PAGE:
09 October 2014

pretending this is facebook


  1. And I wonder what would happen if conversely, suddenly all of those industries went out of business- would women suddenly start liking their bodies?

  2. It's uncanny how timely your post today is for me. It was 27 years ago this month that I began to recover from bulimia and anorexia. As a result of my recovery, I am a 65-year-old woman who loves my body and takes good care of it and doesn't support those industries.

    Thank goodness my recovery began before the eating disorder treatment center industry was in place and the pharmaceutical industry came forward with expansive medications for eating disorders!

    My recovery began when I heard another woman talk about how, six months previously, she had stopped throwing up and starving herself after hearing from another woman that she had done so. Word of mouth and women helping each other was what saved us. It's not a quick and easy process to recover in the way we did, but it is possible to recover without taking expensive medication and without spending thousands of dollars at eating disorder treatment centers.

    In 1960, when I was 10 years old, I went on my first diet, having gotten the message from my parents that my maturing body was an embarrassment to them. When my father married my mother, she was painfully underweight. He didn't like "fat" women. After we were born, she maintained a "normal" weight by smoking and with the help of prescription amphetamines for her narcolepsy. When she stopped smoking, she became slightly overweight and began dieting.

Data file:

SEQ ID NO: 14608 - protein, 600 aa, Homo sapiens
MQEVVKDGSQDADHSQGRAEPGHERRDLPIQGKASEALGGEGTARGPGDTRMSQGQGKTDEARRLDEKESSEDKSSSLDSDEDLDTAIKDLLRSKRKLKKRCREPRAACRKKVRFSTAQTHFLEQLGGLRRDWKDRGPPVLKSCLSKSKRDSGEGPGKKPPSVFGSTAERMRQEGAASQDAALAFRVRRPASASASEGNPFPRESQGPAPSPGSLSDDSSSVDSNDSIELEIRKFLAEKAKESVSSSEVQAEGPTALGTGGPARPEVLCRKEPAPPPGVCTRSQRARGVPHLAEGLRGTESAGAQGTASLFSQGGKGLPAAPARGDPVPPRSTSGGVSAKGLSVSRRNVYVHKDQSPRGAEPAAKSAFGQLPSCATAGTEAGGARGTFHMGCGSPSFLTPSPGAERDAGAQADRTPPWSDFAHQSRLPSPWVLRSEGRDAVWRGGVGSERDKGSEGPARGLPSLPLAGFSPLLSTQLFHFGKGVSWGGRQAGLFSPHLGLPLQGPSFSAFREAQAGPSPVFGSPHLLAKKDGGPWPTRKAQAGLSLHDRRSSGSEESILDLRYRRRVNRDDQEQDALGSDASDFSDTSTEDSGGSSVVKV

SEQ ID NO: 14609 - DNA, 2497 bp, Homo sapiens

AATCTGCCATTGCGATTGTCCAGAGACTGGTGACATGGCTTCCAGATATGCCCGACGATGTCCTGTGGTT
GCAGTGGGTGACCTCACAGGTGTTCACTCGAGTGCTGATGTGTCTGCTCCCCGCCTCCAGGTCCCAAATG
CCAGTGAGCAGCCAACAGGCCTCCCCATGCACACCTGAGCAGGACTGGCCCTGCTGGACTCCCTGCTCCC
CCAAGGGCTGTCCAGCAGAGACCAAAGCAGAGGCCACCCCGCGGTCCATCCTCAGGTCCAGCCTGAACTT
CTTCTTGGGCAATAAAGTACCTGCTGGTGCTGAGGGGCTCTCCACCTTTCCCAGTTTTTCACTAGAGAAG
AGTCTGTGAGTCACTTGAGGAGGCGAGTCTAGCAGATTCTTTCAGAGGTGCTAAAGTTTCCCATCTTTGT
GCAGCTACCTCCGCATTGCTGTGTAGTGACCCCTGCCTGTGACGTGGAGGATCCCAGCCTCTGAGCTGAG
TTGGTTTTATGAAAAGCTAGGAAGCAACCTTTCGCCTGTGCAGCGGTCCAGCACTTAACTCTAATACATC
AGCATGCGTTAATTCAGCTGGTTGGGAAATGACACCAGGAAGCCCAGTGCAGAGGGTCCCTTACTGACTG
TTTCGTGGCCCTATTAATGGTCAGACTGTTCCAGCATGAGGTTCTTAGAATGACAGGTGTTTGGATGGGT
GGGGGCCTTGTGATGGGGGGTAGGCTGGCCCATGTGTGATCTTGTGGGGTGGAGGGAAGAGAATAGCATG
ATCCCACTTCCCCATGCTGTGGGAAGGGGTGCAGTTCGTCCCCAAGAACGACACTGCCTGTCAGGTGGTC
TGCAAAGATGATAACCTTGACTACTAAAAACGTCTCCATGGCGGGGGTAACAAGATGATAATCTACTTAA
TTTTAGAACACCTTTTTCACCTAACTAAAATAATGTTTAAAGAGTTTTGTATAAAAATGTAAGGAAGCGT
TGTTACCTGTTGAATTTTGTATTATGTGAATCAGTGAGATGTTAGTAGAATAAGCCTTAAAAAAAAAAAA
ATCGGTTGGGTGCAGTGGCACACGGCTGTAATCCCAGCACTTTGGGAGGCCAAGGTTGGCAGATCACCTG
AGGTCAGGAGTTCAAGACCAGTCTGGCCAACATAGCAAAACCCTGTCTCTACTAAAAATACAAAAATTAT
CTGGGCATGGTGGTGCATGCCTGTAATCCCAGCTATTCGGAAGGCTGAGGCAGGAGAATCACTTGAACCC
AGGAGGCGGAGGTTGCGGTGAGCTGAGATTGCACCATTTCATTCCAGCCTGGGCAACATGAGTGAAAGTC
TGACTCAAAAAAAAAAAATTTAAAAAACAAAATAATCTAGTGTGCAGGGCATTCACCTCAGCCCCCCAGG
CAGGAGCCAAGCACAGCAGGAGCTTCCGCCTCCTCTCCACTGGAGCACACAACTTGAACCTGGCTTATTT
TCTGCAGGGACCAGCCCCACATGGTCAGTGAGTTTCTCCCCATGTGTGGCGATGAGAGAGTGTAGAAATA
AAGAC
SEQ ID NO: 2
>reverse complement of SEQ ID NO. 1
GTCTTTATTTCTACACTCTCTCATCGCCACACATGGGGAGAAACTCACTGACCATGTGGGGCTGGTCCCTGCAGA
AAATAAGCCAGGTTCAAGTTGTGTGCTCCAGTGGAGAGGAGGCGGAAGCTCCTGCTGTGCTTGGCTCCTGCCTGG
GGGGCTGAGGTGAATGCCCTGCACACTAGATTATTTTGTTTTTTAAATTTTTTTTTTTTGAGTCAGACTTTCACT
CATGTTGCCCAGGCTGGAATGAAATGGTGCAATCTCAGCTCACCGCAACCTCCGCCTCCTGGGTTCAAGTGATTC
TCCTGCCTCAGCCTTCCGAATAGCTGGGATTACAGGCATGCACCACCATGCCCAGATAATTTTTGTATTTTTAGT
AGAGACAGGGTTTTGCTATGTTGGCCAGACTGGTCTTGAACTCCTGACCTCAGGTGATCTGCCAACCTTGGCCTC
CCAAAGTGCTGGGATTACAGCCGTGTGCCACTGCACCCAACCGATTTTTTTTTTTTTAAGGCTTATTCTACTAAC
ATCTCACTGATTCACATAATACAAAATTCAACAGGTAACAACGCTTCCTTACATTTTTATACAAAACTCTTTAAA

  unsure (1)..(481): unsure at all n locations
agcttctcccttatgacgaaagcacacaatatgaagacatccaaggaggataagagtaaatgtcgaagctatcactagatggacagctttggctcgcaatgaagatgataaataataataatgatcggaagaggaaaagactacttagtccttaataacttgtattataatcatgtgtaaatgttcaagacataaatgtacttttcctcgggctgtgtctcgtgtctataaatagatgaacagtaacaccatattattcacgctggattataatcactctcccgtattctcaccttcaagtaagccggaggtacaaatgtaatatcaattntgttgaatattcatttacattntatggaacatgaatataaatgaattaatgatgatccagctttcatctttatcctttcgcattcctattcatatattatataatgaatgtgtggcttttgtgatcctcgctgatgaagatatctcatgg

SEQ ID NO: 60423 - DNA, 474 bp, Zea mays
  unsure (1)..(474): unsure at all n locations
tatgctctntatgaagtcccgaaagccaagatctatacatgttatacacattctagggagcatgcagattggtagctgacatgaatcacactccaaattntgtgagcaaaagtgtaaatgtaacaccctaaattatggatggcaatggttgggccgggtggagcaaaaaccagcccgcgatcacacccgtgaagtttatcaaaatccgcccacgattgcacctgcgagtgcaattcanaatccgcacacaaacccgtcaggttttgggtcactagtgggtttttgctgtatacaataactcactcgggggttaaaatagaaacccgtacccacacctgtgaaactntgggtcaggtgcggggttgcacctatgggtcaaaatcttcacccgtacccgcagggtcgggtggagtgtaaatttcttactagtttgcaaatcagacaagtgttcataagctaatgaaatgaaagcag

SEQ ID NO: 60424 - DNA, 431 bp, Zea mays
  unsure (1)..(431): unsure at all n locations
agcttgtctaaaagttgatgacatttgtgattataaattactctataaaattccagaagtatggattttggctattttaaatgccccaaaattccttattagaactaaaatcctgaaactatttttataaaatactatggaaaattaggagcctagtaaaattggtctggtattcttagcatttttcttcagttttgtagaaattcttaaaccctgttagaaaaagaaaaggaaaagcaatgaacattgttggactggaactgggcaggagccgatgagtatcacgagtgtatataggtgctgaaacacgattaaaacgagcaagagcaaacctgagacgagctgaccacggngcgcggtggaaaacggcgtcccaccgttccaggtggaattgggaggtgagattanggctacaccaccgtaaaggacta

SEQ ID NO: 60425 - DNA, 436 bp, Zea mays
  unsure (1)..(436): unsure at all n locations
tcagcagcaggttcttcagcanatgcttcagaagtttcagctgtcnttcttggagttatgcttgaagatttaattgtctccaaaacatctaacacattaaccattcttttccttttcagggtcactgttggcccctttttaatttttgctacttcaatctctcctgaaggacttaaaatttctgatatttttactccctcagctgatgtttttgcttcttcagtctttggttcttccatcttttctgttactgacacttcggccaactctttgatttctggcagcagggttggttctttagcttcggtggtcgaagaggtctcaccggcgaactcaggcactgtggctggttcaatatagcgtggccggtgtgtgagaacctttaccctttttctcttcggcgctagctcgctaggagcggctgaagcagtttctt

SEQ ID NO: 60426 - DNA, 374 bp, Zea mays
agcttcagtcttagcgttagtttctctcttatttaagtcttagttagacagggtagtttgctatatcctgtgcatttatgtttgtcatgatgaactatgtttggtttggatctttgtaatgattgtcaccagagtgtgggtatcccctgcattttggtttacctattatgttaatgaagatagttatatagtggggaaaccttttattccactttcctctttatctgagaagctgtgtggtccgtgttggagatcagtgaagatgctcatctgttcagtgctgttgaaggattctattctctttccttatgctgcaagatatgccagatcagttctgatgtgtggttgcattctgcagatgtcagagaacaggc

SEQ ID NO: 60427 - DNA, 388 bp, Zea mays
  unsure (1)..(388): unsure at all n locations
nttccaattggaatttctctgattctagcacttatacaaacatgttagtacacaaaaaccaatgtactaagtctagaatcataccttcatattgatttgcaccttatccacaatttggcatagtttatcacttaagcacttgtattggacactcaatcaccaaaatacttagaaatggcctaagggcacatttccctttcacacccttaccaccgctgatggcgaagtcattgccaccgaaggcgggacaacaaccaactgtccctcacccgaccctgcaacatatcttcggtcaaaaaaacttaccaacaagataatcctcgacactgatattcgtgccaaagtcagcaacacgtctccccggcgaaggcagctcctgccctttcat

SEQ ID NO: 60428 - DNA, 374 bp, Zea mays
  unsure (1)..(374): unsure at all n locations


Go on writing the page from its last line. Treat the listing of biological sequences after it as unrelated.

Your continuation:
This past weekend I realized that I still have traces of that old pattern of not liking the way I look. It was triggered by a cell phone photograph of me taken in the context of a family gathering.

    Although I had been feeling relaxed and happy up until that point, when the camera was pointed in my direction I felt fear and apprehension and instantly tried to "look normal" for the family photo. My father had once said, "Why can't you be normal like your sisters?"

    When I saw the photo, my mind said, "OMG, I look awful!" It was so strange to feel so good in my skin one moment and then to feel so critical of my face and my mature body in the next moment.

    Fortunately, that passed! I'm sitting here liking my face and my body and sobered by how powerful old conditioning is and grateful that it only has power over me if I allow that.

    The last thing I want to write down is that in the last year when I went to the low-income clinic where I get my medical care, the nurse practitioner (who was close to me in age) informed me that I could get surgery to lift my eyelids. I looked her in the eye and quietly said, "I like my eyelids just the way they are."

    Thank you, Sabine!

  3. Thank you Sabine! And thank you also to am.

  4. I liked very much Am's comment.

    One's attitude to one's body is very much bound up with one's psychological and emotional state, and one's 'learnt' experiences earlier in life. And happily, as Am shows, we do have the capacity to change, to realign our thoughts, to rewire the brain.

  5. Definitely sharing this quote. :)